Hyperconnected fulfillment and inventory allocation and deployment models
Kim, Na Yeon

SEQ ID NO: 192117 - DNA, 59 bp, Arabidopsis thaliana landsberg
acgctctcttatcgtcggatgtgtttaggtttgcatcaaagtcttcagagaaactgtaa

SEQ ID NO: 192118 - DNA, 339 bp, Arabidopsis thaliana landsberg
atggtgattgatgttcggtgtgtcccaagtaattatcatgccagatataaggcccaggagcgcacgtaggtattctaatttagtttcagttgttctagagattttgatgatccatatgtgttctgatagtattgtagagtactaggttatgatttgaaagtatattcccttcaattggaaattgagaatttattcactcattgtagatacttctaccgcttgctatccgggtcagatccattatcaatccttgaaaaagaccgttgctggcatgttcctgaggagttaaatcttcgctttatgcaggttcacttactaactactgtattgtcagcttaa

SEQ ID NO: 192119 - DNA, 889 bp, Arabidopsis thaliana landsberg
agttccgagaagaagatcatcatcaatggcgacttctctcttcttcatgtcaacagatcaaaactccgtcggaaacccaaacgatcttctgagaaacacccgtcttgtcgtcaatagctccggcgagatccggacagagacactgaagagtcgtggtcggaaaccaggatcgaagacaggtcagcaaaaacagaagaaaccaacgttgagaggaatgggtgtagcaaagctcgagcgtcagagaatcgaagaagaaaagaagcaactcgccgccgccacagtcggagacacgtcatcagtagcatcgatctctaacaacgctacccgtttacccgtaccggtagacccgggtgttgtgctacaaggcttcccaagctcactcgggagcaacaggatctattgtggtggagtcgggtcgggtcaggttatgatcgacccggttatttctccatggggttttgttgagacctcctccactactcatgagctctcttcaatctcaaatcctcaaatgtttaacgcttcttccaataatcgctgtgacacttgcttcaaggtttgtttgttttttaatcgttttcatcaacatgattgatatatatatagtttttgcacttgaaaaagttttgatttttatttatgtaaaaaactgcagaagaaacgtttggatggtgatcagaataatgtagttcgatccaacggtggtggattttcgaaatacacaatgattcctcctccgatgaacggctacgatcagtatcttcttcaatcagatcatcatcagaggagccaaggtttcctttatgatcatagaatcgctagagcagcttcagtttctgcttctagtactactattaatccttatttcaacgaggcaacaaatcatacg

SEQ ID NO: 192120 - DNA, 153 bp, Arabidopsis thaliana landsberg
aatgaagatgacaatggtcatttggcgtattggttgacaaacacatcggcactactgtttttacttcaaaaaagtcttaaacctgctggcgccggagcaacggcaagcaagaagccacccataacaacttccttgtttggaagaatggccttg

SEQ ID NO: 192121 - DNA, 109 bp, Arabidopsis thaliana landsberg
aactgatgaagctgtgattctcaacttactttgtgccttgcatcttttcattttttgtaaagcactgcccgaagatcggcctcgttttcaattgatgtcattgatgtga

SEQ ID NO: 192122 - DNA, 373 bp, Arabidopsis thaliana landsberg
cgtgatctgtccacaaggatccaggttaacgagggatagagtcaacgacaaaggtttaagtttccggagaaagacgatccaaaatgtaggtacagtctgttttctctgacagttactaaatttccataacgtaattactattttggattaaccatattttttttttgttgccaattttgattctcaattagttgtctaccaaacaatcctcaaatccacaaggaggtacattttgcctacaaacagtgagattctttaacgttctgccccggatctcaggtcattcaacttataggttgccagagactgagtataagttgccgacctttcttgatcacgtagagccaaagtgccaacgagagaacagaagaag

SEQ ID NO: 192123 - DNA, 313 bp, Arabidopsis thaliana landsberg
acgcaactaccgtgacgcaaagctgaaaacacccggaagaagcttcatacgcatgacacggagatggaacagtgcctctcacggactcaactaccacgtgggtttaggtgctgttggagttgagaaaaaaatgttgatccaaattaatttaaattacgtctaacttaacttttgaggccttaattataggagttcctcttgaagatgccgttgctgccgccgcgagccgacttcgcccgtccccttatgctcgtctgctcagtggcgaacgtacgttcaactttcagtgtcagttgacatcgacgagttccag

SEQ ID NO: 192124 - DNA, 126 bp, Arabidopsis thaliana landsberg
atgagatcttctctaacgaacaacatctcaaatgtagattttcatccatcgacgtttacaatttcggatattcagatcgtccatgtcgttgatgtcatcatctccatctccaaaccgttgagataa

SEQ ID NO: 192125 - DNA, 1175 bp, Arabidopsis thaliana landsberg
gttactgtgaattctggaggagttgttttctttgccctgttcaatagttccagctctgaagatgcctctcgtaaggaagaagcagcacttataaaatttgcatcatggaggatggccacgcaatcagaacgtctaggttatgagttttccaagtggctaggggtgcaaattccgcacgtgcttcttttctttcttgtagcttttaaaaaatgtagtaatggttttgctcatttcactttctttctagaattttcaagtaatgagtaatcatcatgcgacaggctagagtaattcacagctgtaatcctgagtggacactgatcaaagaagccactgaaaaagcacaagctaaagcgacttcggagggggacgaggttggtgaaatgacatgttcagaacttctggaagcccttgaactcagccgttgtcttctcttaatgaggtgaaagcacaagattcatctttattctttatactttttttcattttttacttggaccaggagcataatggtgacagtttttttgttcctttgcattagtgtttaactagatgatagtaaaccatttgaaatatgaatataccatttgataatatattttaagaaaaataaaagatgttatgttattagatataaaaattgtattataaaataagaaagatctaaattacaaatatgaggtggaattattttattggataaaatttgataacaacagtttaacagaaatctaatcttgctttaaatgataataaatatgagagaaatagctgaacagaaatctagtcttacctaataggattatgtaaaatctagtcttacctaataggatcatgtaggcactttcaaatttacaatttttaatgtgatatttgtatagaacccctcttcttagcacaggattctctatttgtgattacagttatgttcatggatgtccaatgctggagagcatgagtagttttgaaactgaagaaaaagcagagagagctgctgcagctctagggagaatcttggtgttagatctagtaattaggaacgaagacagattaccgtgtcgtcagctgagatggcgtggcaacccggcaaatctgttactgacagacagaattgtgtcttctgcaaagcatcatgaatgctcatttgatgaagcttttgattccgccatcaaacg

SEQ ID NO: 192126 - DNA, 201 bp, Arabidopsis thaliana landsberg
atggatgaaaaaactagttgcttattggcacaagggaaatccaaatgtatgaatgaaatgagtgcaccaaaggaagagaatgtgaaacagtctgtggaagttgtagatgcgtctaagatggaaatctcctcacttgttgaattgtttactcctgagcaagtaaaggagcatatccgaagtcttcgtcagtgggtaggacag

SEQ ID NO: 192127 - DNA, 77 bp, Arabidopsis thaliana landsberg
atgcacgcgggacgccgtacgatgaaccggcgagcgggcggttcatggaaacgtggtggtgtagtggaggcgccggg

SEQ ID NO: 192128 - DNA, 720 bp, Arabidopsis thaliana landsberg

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Consumption patterns have been changed dramatically over the past decades, notably by the growth of e-commerce. With the prevalence of e-commerce and home delivery, customer expectations for a faster, punctual, and cheap delivery are increasing. In fact, many customers are expecting for same-day or x-hour deliveries now and offering fast delivery becomes more and more critical for e-retailers to survive in a fierce market competition. However, many companies are simply lacking financial, physical, and/or operational resources to increase their responsiveness. Focusing on solving the challenges in the perspective of fulfillment and inventory, we aim to find a breakthrough from a recently emerging logistics innovation movement induced by the introduction of the Physical Internet (PI). PI can potentially enable responsive yet affordable fulfillment for companies of any size through open asset utilization and multi-player operations. The key of PI innovation is transforming asset-driven logistics operations to service-driven logistics operations. This thesis provides an academic foundation for hyperconnected fulfillment to effectively satisfy the growing customer expectations on responsive deliveries. We first present a comprehensive design and evaluation of a hyperconnected fulfillment system. Then, we focus on providing inventory operations models, inventory allocation and deployment respectively, which maximally utilize the key features of hyperconnected fulfillment system: connectivity, flexibility, and decentralization. In Chapter 2, a hyperconnected fulfillment and delivery system is designed in the context of the last-mile operations in urban areas. A comprehensive system and decision architecture of the hyperconnected system is modeled. We carefully design the scenarios to show a gradual transformation from dedicated to hyperconnected system in each thread of delivery and fulfillment so as to reveal the marginal impact of each step of transformation. We conduct a scenario analysis using a simulation platform built upon the system and decision architecture where autonomous agents are optimizing their decisions and interact with the environment. The experimental results clearly demonstrate the potential benefit of hyperconnected urban fulfillment and delivery system by concurrently improving often opposing performance criteria: economic efficiency, service capability and sustainability. Chapter 3 tackles an optimal inventory allocation problem among multiple sales outlets. Specifically, we analyze a case where a dropshipper allocates availability to multiple e-retailers via availability promising e-contracts (APCs). Under the APC, the e-retailers do not observe actual availability and this information asymmetry leads them to pose a promised availability threshold (PAT). PAT is a threshold on remaining promised availability set by an e-retailer for a product of a dropshipper, below which the e-retailer unlists the product and thus does not accept any more orders from customers, until the promised availability is climbed above the threshold by the dropshipper. The dropshipper's APC problem with PAT is modeled as 2-stage stochastic program with two stochastic parameters: demand and PAT. We design and evaluate three contract policies differentiated by the allowance level for overpromising: guaranteed fulfillment, controlled fillrate, and penalty-driven fillrate policies. We also present a modeling approach to convert the endogenous demands, per-retailer-distribution of which is affected by the APCs, to exogenous demands with linear substitution constraints. The numerical results show the penalty-driven fillrate policy is the dominating strategy for dropshippers especially under a lean availability. Chapter 4 tackles an inventory deployment problem under the context of open asset utilization and responsive fulfillment. When it comes to very responsive deliveries, such as X-hour deliveries, the physical availability of inventories near the delivery locations becomes necessary, which requires a broad and dense fulfillment network. The open asset utilization and service-driven fulfillment operations of the PI can enable affordable access to such decentralized fulfillment network comprised of the open fulfillment centers. We evaluate the benefit of such decentralized fulfillment network for a responsive fulfillment and develop an appropriate inventory deployment model, which possesses a partially pooled demand and inventory structure induced by responsiveness requirements, as a variant of Newsvendor. We derive a pragmatic heuristic inventory solution, W-solution, and present an efficient binary search based solution heuristic, W-heuristic. Then, via numerical experiments over both theoretical and empirical demand distributions, we demonstrate the advantage of decentralized network and w-solution over centralized network and allocation-based inventory model, pre-allocation model, respectively. We also report rather counter-intuitive observations that the w-solution which accounts for pooling leads to more inventory than pre-allocation model which does not account for pooling under low sales margin.
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